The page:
Last Friday, Good Friday, we hauled our Wee Ones out of bed at the crack of dawn, bundled up and headed downtown for our own kind of Good Friday service. We spent just over an hour set up on Main Street, within eyesight of four different shelters, handing out coffee and muffins to whoever happened by. Nothing fancy, just a folding table, some snacks and teeth chattering smiles. We served about 60 people before we ran out of … well, everything. And each person we served changed us.
I said next to nothing on the drive downtown. I just watched Crafty in the review mirror as she carefully folded the 60 little notes of encouragement she wrote to hand out with the coffee and wondered if I was making a HUGE mistake. What if someone violent came by? What of we were asked for money? What if someone approached our kids inappropriately? What if? What if? What if?
I had a dozen reasonable concerns and a million unreasonable ones swirling through my brain as we pulled up to our pre-scouted spot. We weren't even out of the van when we were approached by a couple of men, asking if we were lost. We told them that we were exactly where we meant to be and that we had coffee and muffins to share. And that's when all of my fears and stereotypes were turned upside down.
These guys waited patiently for us to set up and chatted with us for a bit after we handed them their coffee. They spread the word to a few other fellas who were taking shelter in a doorway and soon we had line going. As we poured and joked and chatted, I felt like an idiot - a middle class, white, privileged idiot. I forgot the most important thing while I was obsessing over my fears. We were planning on serving people. Not Homeless. Not Street. Not Underprivileged. We were serving PEOPLE. Just people. Just regular folks who laugh and love and care and live. People who have their own community, their own culture, their own sense of family and belonging with each other.
And they accepted us. Just as we came. How beautiful is that?!
One older gentleman stood and talked with Dude about school and music. A beautiful woman, dressed like Rainbow Bright, complimented Crafty on her hair and jacket. A jovial middle age man teased Joyboy about his broken foot. Several people took coffee for themselves and came back for coffee and muffins for their wheelchair bound friends who were parked across the street. One man noticed we were running low on sugar so he searched through his pockets for packets he had been saving up and he left them on the table for others who might need. Another man took and apple but left a banana, "for someone in need" then he whistled a happy tune as he ambled away in his duct taped shoes.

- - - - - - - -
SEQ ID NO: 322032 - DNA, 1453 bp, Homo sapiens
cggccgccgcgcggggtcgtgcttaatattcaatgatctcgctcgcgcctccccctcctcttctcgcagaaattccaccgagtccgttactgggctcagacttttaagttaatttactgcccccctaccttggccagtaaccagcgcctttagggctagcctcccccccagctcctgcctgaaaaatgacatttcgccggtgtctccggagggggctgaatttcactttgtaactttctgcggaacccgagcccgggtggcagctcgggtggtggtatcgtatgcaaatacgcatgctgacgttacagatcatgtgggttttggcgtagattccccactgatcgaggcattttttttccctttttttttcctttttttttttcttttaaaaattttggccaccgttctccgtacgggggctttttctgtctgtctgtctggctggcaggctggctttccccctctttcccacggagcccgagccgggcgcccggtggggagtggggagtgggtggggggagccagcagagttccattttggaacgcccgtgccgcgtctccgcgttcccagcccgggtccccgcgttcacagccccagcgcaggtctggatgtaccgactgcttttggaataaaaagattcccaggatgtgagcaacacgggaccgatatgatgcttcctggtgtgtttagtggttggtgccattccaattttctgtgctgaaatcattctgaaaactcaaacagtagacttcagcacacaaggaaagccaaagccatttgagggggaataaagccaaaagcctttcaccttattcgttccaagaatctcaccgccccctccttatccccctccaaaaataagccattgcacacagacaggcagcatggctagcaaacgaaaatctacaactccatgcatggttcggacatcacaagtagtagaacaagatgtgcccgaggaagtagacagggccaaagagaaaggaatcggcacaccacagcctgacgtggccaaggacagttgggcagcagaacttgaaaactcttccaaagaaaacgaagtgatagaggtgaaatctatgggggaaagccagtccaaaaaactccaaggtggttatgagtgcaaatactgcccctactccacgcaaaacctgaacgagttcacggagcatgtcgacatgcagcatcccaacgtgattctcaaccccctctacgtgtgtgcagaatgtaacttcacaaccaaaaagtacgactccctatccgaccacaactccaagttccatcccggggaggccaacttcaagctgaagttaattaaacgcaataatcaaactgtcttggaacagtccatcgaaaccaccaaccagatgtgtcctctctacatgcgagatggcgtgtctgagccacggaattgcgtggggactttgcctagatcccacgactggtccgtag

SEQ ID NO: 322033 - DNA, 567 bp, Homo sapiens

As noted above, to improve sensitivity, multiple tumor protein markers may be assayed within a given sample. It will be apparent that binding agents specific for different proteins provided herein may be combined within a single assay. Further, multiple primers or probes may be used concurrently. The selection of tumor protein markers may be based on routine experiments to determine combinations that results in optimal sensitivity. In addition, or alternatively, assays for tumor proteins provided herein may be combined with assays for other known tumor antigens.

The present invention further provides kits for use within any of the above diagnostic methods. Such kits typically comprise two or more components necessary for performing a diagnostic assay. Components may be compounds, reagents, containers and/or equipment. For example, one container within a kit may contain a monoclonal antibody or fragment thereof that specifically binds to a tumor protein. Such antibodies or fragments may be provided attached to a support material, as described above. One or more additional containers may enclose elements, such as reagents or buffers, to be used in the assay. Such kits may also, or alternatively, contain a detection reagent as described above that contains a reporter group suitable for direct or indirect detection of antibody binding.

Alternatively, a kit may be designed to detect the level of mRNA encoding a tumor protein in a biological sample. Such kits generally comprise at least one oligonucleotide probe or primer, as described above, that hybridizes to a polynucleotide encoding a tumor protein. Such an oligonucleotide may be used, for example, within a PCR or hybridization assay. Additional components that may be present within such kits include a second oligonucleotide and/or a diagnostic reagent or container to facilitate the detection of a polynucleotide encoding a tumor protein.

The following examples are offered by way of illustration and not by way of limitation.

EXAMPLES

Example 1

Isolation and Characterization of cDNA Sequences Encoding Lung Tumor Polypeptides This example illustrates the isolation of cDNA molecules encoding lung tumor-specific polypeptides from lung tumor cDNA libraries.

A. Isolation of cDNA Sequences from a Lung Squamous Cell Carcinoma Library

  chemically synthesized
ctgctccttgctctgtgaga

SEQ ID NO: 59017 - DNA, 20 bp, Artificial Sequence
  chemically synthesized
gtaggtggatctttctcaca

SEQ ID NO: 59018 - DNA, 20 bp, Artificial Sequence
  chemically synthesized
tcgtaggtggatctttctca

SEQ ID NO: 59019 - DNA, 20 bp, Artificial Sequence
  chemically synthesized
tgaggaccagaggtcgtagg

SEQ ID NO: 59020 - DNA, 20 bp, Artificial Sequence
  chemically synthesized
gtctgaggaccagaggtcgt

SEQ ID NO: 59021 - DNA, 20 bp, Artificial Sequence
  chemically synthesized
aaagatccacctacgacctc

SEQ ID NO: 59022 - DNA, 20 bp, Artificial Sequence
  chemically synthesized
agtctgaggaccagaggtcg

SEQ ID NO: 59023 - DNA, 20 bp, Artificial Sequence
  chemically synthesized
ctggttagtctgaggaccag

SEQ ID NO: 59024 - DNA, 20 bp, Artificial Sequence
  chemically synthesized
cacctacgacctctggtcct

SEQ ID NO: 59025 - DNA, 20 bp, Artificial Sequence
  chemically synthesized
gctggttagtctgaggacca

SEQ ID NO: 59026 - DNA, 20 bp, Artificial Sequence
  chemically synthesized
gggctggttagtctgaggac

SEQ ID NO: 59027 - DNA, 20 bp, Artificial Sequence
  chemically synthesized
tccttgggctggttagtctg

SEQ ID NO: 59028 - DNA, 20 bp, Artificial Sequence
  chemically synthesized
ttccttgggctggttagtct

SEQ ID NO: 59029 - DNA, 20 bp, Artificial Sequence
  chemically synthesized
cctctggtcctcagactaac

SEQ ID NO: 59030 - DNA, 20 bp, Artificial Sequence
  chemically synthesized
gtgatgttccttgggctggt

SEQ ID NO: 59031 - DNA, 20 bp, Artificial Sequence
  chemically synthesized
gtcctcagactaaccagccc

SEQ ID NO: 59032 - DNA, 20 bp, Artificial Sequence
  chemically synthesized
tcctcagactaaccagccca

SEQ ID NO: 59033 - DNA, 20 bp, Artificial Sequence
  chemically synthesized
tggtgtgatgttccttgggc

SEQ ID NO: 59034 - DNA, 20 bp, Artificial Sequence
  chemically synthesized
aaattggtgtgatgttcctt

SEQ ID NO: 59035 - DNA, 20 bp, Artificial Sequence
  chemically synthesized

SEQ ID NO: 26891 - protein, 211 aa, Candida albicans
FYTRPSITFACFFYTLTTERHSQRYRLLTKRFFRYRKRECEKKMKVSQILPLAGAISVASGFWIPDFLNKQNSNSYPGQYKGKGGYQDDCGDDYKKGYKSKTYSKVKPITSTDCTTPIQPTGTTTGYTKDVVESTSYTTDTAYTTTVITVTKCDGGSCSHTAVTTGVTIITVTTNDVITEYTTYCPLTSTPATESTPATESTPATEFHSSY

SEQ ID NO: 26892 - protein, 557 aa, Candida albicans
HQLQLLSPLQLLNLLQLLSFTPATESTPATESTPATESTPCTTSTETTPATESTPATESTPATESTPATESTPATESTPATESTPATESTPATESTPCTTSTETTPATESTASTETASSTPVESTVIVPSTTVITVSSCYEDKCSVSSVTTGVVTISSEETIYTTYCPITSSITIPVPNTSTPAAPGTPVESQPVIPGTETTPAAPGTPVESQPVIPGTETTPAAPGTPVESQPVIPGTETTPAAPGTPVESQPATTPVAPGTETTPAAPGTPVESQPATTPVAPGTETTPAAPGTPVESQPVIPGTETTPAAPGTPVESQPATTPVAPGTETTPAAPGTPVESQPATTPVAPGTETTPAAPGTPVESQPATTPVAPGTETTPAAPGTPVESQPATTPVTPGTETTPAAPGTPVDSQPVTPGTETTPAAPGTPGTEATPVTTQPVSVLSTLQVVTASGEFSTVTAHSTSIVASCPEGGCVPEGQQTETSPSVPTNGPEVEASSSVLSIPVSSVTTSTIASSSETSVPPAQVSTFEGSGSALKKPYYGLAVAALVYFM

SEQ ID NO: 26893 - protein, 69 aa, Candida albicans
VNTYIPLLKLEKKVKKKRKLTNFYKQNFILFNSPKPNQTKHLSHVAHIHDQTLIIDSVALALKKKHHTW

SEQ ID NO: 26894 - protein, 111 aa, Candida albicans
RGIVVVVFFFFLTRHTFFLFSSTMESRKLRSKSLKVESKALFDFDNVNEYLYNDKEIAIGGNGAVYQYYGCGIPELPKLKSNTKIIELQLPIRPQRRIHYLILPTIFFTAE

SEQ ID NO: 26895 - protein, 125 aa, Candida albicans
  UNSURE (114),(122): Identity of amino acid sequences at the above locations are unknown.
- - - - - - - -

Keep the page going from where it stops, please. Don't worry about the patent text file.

Time and time again we saw humanity, care and pride from the people we came to serve. They asked us about our lives, thanked us for showing up on a day when almost everything within walking distance was closed and blessed us for our generosity. I stood there humbled because, in truth, we were the ones being served.
Each person who stopped by the table served us joy, hope, compassion, dignity and grace. They gave us humour and acceptance. They offered us a glimpse into contentment and thankfulness. They left us with overflowing hearts and a burning desire to do more, to return to this spot so we can know them better.
Yesterday I drove by the corner where we served and were served and I saw a few familiar faces. I saw the man who took six sugars in his coffee, the man who joked with Dude about being a casanova, the woman who brought her friend to the table just to show her people cared. I saw them. I recognized them. They are my people, too. They are the ones I think of, pray for and hope for as I crawl into my safe and warm bed each night. They are the ones that come to mind when I see the weather report each morning. They are the ones I hope to know better as we continue to think of ways to connect and be helpful.
Yes, they are addicts, homeless, poor and abusers. But so are we. Yes, they have made horrible decisions, led lives of disappointment and destruction and have alienated so many people who have tried to help. But so have we. Sure, they are dirty, smelly, unkempt and unhealthy. But so are we. They are a broken, used up, desperate people. And so are we. Our brokenness, our filth, our bad habits didn't stop them from accepting us, from being kind to us, from welcoming us into their space. So why does their mess stop us?
That's what I've been asking myself every day for the last week. Jesus died for me and he died for them. Their sin is not greater than mine. My heart is no more worth saving than theirs. There is no difference but the difference I invent.
These are my people. And I am theirs.
I will invite myself into their space again soon. We will bring the treats and receive their welcome. We will spend more time chatting and less time fearing. We will open our hearts wide and let their acceptance be an example to us. We will love and care and share … and so will they.
“Love is not patronizing and charity isn't about pity, it is about love. Charity and love are the same -- with charity you give love, so don't just give money but reach out your hand instead.”
― Mother Teresa